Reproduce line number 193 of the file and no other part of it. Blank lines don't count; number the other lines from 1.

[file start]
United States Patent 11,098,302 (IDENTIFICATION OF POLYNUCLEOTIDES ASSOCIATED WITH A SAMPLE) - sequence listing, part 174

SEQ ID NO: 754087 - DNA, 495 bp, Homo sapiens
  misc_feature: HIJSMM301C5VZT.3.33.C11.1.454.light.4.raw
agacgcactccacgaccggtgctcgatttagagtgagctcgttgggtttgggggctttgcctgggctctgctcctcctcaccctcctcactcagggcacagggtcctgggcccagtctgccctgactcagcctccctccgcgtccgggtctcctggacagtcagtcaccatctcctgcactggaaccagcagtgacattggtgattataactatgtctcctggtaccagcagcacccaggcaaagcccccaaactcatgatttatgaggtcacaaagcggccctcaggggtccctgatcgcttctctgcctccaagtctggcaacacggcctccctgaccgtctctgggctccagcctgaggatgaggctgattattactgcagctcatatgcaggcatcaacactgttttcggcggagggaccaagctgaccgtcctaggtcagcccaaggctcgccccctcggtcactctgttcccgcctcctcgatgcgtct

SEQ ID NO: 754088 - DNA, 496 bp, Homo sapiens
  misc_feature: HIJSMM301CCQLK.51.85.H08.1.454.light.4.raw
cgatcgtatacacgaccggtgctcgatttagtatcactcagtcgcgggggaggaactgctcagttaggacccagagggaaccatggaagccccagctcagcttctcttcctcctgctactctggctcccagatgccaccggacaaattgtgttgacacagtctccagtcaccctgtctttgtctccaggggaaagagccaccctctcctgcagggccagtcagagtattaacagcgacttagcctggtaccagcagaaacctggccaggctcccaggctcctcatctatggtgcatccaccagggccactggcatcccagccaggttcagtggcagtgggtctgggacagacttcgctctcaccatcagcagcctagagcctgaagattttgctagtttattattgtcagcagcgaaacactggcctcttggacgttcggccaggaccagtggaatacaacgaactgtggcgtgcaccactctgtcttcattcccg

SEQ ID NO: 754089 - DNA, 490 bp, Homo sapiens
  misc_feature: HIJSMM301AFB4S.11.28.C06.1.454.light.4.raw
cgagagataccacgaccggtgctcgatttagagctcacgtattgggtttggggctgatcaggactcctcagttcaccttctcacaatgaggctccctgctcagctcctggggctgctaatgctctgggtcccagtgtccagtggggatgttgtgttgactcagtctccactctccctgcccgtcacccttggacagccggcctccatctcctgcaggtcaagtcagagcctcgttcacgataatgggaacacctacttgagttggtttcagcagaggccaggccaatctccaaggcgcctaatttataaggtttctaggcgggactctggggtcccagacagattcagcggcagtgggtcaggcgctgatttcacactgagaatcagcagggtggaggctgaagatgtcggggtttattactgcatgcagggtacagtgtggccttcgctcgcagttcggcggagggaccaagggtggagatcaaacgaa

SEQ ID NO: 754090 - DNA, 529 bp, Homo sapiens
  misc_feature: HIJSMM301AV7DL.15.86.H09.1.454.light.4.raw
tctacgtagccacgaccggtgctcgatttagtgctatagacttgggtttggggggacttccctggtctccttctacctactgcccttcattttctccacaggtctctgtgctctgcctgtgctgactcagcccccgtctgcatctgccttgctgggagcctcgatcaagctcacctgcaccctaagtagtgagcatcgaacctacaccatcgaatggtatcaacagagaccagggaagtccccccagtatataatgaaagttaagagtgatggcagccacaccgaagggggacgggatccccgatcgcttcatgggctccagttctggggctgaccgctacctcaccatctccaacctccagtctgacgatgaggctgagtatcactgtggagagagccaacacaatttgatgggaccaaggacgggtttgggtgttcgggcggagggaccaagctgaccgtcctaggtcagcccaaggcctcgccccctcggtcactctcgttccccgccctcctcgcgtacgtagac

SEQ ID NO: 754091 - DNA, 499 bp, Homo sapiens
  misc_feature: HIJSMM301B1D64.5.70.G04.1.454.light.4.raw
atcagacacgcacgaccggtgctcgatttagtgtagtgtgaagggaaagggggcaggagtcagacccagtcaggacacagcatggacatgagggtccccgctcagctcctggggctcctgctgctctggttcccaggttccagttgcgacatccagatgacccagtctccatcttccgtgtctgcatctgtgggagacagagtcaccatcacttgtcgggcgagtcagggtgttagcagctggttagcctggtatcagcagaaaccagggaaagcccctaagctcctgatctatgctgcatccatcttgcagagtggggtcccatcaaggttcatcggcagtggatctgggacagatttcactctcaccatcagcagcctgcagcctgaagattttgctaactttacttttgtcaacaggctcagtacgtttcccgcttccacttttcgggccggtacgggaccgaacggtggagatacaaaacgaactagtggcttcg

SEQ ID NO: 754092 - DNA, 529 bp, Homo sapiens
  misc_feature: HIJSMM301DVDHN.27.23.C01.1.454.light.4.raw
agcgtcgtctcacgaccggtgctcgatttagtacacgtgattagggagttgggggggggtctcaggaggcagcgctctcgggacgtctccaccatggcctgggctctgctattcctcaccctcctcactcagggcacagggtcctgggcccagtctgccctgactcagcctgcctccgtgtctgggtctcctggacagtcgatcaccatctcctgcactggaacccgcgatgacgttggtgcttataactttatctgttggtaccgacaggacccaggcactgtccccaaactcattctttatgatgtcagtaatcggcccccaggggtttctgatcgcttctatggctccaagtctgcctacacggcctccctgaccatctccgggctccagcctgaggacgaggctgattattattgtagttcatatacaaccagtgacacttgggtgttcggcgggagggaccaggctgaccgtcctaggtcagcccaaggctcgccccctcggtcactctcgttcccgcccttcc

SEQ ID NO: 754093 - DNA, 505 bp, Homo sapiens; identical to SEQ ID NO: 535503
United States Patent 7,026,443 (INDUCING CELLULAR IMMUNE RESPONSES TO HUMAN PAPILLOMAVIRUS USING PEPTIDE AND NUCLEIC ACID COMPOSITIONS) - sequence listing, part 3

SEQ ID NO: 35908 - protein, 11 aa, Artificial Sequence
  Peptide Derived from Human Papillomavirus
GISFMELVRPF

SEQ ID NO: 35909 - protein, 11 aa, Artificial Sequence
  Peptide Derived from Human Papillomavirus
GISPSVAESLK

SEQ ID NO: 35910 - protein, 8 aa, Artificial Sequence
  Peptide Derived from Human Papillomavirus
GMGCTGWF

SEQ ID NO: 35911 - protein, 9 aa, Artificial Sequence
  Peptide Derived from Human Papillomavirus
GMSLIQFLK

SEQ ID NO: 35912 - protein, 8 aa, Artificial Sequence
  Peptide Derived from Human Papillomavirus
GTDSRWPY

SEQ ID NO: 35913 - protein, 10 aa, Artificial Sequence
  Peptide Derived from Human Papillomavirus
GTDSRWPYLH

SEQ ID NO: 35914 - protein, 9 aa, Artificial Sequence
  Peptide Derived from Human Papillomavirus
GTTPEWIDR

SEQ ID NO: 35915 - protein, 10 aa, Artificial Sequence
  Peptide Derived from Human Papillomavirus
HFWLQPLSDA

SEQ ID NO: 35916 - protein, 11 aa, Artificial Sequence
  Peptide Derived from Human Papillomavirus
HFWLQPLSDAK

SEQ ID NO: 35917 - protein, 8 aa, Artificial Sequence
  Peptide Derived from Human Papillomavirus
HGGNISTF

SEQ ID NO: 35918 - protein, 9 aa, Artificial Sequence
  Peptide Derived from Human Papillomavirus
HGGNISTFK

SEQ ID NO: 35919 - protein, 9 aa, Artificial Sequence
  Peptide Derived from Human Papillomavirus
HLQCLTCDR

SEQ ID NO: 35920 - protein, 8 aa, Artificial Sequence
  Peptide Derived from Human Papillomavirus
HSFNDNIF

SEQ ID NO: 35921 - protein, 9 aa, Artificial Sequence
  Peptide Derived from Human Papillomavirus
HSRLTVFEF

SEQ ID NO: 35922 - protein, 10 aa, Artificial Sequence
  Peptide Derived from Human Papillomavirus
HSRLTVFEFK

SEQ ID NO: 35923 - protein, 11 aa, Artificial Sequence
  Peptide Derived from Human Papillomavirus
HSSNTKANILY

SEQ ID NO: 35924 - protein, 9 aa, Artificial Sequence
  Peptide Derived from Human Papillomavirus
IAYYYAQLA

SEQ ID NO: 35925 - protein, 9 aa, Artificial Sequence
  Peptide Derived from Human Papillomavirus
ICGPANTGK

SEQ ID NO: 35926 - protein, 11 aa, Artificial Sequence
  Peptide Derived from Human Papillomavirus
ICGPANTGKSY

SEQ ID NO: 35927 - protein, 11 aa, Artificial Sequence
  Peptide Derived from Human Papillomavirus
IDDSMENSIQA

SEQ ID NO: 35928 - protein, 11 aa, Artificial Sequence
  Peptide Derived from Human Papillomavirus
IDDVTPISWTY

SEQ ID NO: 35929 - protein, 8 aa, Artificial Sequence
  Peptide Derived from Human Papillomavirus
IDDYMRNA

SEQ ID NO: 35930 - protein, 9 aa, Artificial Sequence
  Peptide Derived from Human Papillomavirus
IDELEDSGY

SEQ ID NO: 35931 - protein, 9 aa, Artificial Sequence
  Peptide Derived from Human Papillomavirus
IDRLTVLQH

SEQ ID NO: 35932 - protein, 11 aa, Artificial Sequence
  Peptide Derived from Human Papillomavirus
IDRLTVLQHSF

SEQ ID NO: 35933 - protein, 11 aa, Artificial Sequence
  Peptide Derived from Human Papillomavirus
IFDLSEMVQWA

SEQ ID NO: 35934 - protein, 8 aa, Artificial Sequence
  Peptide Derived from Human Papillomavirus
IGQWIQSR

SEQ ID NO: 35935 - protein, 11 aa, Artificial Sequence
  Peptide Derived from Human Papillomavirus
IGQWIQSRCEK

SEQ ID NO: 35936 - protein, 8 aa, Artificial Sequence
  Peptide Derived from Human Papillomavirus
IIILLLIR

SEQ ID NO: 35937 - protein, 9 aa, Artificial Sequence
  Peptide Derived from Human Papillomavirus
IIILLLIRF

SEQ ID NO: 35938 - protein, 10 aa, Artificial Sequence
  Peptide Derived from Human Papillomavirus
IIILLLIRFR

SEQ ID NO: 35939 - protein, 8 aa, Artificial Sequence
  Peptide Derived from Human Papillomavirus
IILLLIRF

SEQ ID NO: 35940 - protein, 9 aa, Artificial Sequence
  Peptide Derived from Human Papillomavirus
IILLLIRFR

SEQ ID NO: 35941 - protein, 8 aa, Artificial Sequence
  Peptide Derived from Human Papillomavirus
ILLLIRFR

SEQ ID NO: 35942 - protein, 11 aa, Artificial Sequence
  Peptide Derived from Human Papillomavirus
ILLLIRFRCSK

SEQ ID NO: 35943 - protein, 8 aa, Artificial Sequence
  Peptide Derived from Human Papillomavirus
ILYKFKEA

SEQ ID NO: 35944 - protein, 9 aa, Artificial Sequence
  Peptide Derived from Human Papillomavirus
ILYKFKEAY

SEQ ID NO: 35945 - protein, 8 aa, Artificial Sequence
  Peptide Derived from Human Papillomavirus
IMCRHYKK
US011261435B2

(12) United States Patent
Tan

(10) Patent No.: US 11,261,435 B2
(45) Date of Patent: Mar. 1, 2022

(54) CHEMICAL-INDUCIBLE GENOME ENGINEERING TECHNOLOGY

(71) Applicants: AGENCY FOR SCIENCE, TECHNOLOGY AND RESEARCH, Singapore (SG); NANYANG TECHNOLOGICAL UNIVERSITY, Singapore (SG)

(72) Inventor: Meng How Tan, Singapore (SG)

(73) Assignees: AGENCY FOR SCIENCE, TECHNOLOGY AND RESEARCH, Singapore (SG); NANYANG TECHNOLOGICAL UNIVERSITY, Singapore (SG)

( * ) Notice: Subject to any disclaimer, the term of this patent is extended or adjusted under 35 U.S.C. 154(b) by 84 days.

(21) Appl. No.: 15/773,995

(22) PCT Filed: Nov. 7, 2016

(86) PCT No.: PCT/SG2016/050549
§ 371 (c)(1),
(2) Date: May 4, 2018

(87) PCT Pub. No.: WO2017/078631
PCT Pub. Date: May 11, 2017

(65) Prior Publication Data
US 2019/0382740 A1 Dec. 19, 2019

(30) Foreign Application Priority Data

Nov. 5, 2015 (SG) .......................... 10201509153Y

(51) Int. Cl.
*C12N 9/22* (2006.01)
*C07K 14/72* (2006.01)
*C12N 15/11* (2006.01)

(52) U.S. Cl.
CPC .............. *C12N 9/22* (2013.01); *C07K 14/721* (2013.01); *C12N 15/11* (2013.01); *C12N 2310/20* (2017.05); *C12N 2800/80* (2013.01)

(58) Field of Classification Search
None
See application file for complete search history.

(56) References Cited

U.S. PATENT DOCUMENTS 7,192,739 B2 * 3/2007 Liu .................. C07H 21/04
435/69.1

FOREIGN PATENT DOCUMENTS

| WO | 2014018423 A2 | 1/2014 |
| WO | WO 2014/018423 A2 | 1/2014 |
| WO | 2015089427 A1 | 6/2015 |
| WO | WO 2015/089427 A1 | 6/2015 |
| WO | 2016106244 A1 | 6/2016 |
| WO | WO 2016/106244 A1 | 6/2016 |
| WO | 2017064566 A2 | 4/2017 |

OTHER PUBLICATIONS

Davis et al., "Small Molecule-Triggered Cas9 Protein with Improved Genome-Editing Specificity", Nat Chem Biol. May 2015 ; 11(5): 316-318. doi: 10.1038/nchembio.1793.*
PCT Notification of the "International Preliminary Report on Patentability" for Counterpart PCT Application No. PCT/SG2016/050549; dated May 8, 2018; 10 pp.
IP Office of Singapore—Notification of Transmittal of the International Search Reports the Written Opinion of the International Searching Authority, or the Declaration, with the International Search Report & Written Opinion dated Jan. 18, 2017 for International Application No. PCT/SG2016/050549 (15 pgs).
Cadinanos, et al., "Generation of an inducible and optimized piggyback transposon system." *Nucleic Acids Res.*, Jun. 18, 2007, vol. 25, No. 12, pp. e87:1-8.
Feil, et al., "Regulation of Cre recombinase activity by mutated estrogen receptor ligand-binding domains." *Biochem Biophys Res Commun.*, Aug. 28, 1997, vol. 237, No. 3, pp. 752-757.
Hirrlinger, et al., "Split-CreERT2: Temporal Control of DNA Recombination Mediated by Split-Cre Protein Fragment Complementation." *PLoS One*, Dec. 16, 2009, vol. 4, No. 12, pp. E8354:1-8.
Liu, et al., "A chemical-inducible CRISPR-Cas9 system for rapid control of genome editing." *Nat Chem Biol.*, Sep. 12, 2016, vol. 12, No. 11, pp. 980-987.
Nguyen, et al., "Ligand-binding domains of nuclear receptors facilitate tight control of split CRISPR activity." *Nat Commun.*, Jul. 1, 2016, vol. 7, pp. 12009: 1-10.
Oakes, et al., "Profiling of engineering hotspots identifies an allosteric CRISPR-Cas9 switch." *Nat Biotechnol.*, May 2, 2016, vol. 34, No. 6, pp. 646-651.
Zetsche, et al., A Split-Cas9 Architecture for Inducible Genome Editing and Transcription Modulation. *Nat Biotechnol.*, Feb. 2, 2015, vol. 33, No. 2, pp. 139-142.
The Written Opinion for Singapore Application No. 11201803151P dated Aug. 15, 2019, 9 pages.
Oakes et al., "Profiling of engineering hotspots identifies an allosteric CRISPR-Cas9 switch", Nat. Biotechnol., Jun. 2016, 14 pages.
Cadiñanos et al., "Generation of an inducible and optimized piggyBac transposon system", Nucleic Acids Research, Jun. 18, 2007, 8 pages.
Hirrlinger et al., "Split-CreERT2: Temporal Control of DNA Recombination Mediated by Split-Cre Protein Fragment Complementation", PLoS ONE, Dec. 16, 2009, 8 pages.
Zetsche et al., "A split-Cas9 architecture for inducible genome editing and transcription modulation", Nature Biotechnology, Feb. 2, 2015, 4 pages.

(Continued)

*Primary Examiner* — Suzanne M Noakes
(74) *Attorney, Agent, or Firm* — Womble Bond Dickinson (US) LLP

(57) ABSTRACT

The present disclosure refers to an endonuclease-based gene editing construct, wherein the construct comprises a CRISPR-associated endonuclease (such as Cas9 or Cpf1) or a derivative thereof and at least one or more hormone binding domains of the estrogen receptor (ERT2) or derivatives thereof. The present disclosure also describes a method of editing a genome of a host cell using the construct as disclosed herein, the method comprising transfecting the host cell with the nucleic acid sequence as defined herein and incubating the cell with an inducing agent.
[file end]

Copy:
(Continued)